12491953_10207547353217846_6813224074094232489_oWe were fitted for our wetties and then shown the way to the beach! And oh wait, it’s a mile walk to get to the beach, then another mile to get to where our surfboards could be picked up, then again back down to the beach. It’s funny how my excitement never wavered and as people were complaining about the distance and how heavy the boards were, I was ready and excited. Felix and Tom were our instructors and cracked me up the entire lesson. Our first surf lesson consisted of learning how to paddle, jumping up and where to look while riding the waves. We practiced on the beach for an hour before we were allowed to go out into the waves to test out our skills. In my excitement, I paddled my happy ass out too far and got yelled at (I blame that mistake on Victor and my first surf lesson in Santa Cruz). I was using a shorter board so it took me a few falls before I was able to stand up on a wave. What a feeling! I love how it feels like you float and glide across the water. I caught about ten waves that first day but wanted more. The next day was fun because I rushed out ahead of the pack to ensure that I got  a longer bigger board. Such a fun day of surfing and the weather was perfect!12307477_10153215094096931_4078972120264973918_o


The next day was a devils wind. What the french toast does that mean? It means the waves are choppy and they throw you around like a washing machine. It’s the kind of surf you try to avoid as a surfer because not only are the waves hard to catch, they are messy and break unevenly.  You expend a lot of energy trying to get out past the break, you eat a lot of sand and saltwater and use every muscle in your body trying to stay on your board and your head above water. I know, it sounds like a load of fun, right?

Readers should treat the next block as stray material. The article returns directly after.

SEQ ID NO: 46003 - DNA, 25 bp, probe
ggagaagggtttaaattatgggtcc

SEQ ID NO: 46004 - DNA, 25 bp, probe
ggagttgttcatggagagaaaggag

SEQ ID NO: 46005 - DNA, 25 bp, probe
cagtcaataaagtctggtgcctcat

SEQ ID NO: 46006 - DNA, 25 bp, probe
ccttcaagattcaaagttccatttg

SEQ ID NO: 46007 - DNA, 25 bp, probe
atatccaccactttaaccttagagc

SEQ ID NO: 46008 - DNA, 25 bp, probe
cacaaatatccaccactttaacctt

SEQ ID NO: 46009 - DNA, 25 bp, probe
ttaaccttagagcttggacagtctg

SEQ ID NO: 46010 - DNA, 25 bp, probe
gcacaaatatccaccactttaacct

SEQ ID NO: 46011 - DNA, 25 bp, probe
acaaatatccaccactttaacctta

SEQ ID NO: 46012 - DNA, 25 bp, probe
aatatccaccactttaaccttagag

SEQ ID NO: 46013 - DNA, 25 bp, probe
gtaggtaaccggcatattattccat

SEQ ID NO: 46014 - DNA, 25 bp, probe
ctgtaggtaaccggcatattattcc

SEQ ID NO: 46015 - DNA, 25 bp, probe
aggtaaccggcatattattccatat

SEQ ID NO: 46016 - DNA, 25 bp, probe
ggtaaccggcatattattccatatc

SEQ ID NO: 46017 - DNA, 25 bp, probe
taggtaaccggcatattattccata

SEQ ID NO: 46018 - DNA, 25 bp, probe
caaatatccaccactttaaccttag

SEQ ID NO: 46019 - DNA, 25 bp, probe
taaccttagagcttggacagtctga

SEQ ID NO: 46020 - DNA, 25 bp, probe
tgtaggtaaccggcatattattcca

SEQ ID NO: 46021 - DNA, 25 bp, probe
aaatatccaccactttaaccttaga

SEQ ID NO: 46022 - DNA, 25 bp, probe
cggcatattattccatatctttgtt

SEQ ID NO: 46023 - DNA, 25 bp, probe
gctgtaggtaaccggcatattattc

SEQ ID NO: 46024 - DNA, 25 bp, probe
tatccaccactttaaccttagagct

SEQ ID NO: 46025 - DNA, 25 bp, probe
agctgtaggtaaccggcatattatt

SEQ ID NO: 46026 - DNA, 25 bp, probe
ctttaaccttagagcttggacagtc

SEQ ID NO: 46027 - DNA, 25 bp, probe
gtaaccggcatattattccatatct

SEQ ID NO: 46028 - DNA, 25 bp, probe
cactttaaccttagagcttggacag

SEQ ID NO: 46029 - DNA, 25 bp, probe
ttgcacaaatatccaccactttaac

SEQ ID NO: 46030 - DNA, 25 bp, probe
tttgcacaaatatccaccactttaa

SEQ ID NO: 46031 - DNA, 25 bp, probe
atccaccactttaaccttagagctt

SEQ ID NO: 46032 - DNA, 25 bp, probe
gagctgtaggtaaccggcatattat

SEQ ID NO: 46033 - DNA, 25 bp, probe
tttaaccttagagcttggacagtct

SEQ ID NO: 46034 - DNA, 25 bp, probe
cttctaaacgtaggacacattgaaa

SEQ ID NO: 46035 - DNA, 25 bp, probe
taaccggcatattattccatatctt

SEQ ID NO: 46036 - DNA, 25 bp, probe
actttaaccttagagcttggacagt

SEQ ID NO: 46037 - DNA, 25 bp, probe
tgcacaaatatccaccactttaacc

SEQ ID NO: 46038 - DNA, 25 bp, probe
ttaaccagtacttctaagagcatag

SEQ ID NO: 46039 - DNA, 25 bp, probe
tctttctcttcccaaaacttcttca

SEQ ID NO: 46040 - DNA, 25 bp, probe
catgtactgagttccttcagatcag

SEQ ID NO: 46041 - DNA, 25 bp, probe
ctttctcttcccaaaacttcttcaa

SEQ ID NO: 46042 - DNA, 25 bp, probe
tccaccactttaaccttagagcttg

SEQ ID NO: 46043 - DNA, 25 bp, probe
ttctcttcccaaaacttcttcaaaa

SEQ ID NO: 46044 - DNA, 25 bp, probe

No matter how hard I tried (a good hour) I had a hell of a time catching an actual wave. Even with the help of some of the instructors, I only managed to stand up on one or two waves. Defeated, shivering from the cold and sore as hell I fought my way back to the shore. I hurt everywhere and slept like a dream that night. I woke up with a swollen heel that I could hardly put any pressure on. Great- a pulled Achilles! I tried not to focus on my disappointment or the pain and enjoyed spending some down time with Lisa at camp while the other campers went out to catch the waves. The connection we built that day has been really important to our friendship. We spent pretty much every moment together and I never grew tired of her. I also became close with Tijmen (known as Pino) and Bas and in the last few days of Surfcamp, Bernd.


I’ve discovered that it’s really important to look for the positives. Not just when you’re feeling down, but even when things are going well. I could have hidden out in camp and felt sorry for myself, but instead I took my time gimping down to the beach with my towel, coconut oil and worked on my tan. I got to watch my friends ride waves and soaked up the sun which improved my disposition.

Don’t get me wrong, it was a tough 4 weeks of backpacking afterwards (you don’t realize how much you use your Achilles until you injure it), but I still had a great time! My pace was slower, and I had a cankle for a few weeks but all in all, it wasn’t too bad.12401643_10207547353377850_3707137337034492773_o



Australia or Bust!


“There is no passion to be found in settling for a life that is less than the one you are capable of living.”

-Nelson Mandala


I have been in Australia for one month today. It’s amazing how much I have been through in such a short period of time. When I landed in Sydney it was 11am. I was amped from flying for 14 hours, really sweaty and feeling slightly lost. I was able to get through the immigration line very quickly and miffed because I never got my passport stamped. They just scanned my face and sent me on my way. I haven’t been to very many places, so believe me when I say I want that stamp! I earned that sucker after 5 months of planning and saving, I feel like it’s a symbol of my dedication to get here, a badge of honor if you will. Enough of that now- I will revisit this stamping business when I’ve formulated some sort of plan to get it! The airport was surprisingly easy to navigate and I quickly found myself seated and waiting for a shuttle to my Wake Up! Hostel.

I cannot even tell you what I was feeling in the moments while I waited for a friendly airport staff member to direct me to the correct place…mostly contented, slightly nervous and a whole lotta lost. After being told to follow a tall guy with chicken legs who thought it was a sick joke to run through the airport with 20 lost souls desperately running to keep up, I met a woman named Natasha. She was from New Jersey and we quickly became fast friends. I spent all of that night hanging out with her and getting comfortable in my new home away from home.